Jaggery Sugar: An Ancient Indian Sweetener

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Jaggery sugar is sugar in block form made from the juice of the sugarcane and sometimes from the sap of the date palm tree. It is consumed in Africa, parts of the Americas, and Asia. It is most widely used in India. While some sources claim that jaggery was brought to India by the Portuguese, it is more likely that it originated in the subcontinent. The Indian name for jaggery is gur and the Indian government claims that practitioners of Ayurvedic medicine have been using it for 3,000 years. However, the name jaggery actually comes from the Portuguese word jagara.

The Indian origin of jaggery sugar is more likely given the fact that India has been connected to the production of sugar for much of the time that sugar has existed. The sugarcane made its way to India from Polynesia before sugar made from it slowly spread through the rest of the world.

Among the sources that believe jaggery sugar to be Indian in origin, some state that it originated in the Eastern part of the country. Whenever and wherever it was first made, jaggery has been a major part of the Indian diet for a long time.

Today, jaggery sugar is still widely sold in India but no longer occupies the position that it once did. For a time, younger Indians were gravitating toward refined sugar. They viewed it to be a symbol of modernity. Jaggery sugar has been making something of a comeback among those who view it as being healthier than refined sugar. Jaggery sugar is not a very well-known or popular form of sugar outside of the areas where it is made.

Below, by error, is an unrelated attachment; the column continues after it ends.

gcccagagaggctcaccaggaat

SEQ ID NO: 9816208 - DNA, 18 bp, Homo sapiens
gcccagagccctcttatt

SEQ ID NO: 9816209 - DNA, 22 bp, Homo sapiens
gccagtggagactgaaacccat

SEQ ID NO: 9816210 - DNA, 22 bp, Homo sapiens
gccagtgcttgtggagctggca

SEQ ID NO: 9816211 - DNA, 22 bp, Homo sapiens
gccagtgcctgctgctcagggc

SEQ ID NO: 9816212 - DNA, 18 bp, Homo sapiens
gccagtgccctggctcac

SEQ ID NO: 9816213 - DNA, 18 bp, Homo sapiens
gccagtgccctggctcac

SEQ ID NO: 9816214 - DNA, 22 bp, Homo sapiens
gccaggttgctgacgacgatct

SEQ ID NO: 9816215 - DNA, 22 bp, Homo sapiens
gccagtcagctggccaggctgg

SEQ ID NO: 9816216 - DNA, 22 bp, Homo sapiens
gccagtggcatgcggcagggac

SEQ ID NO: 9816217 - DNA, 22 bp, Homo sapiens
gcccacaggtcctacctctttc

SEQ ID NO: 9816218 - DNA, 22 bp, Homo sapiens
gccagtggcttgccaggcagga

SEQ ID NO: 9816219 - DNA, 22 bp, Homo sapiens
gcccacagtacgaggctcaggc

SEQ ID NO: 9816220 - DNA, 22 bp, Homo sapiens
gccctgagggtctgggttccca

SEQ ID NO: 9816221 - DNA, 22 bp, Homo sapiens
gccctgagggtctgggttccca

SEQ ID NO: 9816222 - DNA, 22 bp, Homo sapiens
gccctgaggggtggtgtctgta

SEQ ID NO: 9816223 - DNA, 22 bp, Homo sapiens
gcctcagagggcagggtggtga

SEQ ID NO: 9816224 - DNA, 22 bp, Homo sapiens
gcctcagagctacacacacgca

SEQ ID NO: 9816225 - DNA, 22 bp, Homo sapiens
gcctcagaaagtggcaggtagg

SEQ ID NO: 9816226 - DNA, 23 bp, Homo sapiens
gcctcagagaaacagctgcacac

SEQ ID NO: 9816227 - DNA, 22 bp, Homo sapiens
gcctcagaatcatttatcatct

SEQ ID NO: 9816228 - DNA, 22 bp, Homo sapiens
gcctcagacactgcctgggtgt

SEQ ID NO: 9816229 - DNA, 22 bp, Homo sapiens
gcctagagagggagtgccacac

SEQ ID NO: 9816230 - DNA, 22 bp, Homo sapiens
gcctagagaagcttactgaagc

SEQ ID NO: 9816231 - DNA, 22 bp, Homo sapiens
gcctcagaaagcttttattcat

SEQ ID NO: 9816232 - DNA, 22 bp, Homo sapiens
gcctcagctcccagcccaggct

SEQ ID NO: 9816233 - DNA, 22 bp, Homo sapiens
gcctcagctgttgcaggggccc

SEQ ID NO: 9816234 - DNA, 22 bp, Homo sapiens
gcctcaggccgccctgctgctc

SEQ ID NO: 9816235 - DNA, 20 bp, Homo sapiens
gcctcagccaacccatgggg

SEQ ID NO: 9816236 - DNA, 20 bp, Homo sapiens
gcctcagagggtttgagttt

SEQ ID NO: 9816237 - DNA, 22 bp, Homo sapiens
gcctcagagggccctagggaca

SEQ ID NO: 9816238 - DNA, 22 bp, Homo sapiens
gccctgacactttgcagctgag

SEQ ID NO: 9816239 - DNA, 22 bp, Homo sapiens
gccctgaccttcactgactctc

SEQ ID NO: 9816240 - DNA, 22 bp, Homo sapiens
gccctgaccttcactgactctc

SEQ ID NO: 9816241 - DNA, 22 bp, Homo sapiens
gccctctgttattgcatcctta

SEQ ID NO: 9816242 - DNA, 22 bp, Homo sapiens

Jaggery sugar flavor profile

Jaggery sugar is similar to the taste of other unrefined or less-refined sugars in that its aroma and flavor are evocative of caramel and butterscotch due to its molasses content. Its primary flavor is sweet as you might expect. Jaggery also has mild notes of fermentation mixed in with its molasses flavor.

Health benefits of jaggery sugar

As with the other types of raw (or raw-ish) sugar, jaggery is often touted as being healthier than refined sugar. While it is true that being less refined means that it does have more molasses and thus more of the nutrients that molasses contains, the reality is that it does not have that much molasses and molasses is not exactly jam-packed with nutrients. You will certainly get some trace minerals that you would not get from refined sugar, but those amounts are unlikely to provide much in the way of health enhancement. You would have to eat unfeasibly large servings to get nutritionally significant quantities of the minerals in jaggery sugar.

One clear nutritional benefit that jaggery shares with all sugars is its ability to provide energy. Sugar is easily broken down to provide the body with a potent but short-lived supply of calories that power cellular functions. This energy does come at a cost since excessive consumption of sugar can trigger insulin resistance and type 2 diabetes.

Common uses

Jaggery sugar can be used as an all-purpose sweetener like any other form of sugar. Crumble it for use in oatmeal or to take the place of brown sugar in any recipe. The traditional uses for it include til gur ladoo, an Indian dessert that involves combining jaggery sugar with sesame seeds. It is also used as a sweetener for kheer, an Indian rice pudding.

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